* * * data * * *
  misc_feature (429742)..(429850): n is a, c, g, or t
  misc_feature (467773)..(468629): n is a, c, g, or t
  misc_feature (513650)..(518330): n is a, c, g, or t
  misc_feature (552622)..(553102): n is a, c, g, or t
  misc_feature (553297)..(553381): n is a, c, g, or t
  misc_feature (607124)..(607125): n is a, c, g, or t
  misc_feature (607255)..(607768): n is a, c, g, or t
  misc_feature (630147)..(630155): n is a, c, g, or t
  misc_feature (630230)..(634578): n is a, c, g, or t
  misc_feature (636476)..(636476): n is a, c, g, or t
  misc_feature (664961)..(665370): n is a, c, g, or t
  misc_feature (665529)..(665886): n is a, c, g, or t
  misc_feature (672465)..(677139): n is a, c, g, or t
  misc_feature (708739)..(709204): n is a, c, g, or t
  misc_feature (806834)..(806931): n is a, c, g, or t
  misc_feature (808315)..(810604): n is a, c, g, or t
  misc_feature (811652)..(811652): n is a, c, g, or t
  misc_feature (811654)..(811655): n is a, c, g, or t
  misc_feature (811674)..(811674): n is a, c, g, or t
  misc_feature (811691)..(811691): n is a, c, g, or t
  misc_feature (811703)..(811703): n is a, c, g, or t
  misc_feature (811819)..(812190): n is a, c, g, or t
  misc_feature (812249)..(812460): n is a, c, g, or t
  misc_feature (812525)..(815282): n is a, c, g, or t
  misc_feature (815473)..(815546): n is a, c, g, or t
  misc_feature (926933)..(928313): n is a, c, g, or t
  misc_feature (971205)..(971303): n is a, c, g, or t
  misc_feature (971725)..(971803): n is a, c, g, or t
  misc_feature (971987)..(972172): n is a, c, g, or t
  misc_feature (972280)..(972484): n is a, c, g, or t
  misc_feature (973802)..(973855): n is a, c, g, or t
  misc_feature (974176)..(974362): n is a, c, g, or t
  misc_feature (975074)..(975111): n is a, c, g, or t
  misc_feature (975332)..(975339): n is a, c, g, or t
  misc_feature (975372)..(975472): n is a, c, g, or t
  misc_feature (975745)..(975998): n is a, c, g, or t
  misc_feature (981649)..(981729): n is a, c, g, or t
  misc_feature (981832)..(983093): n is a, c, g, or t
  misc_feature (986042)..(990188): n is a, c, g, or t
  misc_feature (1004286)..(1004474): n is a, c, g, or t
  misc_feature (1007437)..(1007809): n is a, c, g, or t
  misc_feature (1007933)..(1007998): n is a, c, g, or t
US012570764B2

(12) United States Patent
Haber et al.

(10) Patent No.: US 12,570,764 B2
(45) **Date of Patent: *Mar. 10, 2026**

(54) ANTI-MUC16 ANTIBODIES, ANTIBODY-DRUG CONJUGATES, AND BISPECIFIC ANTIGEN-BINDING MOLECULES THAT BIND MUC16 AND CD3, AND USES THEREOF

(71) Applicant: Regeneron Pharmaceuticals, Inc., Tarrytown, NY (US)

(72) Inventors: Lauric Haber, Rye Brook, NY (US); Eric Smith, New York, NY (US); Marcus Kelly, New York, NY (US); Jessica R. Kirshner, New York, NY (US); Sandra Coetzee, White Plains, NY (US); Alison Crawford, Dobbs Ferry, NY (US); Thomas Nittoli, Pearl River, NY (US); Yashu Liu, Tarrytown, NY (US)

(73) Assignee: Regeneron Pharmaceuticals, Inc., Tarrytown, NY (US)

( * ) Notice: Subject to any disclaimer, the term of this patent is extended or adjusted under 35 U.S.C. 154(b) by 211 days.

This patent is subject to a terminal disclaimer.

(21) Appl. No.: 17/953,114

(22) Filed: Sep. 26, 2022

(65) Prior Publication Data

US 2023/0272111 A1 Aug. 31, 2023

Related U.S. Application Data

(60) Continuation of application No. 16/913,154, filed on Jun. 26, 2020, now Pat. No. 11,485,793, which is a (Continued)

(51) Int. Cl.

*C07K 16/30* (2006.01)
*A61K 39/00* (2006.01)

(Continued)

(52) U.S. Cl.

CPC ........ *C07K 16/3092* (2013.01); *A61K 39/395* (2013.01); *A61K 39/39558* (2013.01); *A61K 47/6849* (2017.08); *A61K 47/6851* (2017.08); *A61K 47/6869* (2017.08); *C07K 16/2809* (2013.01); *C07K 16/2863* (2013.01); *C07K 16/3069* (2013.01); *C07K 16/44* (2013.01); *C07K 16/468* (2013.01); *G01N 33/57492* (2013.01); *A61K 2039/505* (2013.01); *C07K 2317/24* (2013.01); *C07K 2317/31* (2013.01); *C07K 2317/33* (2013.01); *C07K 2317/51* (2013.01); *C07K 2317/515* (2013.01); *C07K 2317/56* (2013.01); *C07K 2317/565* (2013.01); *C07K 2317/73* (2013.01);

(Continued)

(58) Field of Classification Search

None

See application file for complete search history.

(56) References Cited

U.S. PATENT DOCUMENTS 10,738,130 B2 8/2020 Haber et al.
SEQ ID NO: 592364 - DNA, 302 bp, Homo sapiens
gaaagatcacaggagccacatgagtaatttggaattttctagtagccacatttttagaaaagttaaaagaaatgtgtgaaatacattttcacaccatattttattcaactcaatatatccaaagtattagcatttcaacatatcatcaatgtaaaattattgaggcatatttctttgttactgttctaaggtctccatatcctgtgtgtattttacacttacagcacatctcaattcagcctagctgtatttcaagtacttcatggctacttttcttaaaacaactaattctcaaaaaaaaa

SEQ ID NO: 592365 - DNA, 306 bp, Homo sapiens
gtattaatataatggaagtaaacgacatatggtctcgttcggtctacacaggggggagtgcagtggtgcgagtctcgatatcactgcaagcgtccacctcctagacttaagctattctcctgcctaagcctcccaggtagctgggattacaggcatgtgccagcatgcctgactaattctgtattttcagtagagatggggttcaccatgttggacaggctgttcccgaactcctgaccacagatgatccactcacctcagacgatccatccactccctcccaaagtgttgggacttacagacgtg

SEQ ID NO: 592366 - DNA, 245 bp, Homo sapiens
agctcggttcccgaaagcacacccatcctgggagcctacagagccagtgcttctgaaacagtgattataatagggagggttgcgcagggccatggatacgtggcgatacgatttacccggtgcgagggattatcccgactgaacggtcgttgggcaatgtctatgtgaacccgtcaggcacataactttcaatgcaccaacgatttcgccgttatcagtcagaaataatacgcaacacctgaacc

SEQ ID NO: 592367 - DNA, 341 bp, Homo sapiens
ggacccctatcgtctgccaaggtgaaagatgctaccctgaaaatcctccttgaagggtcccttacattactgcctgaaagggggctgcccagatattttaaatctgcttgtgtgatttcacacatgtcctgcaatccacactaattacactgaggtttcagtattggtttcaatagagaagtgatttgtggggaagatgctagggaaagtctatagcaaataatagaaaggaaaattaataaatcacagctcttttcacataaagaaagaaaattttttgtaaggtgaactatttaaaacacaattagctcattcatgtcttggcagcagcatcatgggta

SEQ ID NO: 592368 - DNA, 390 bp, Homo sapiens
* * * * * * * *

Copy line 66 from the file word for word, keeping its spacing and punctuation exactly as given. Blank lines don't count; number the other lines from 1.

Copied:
(Continued)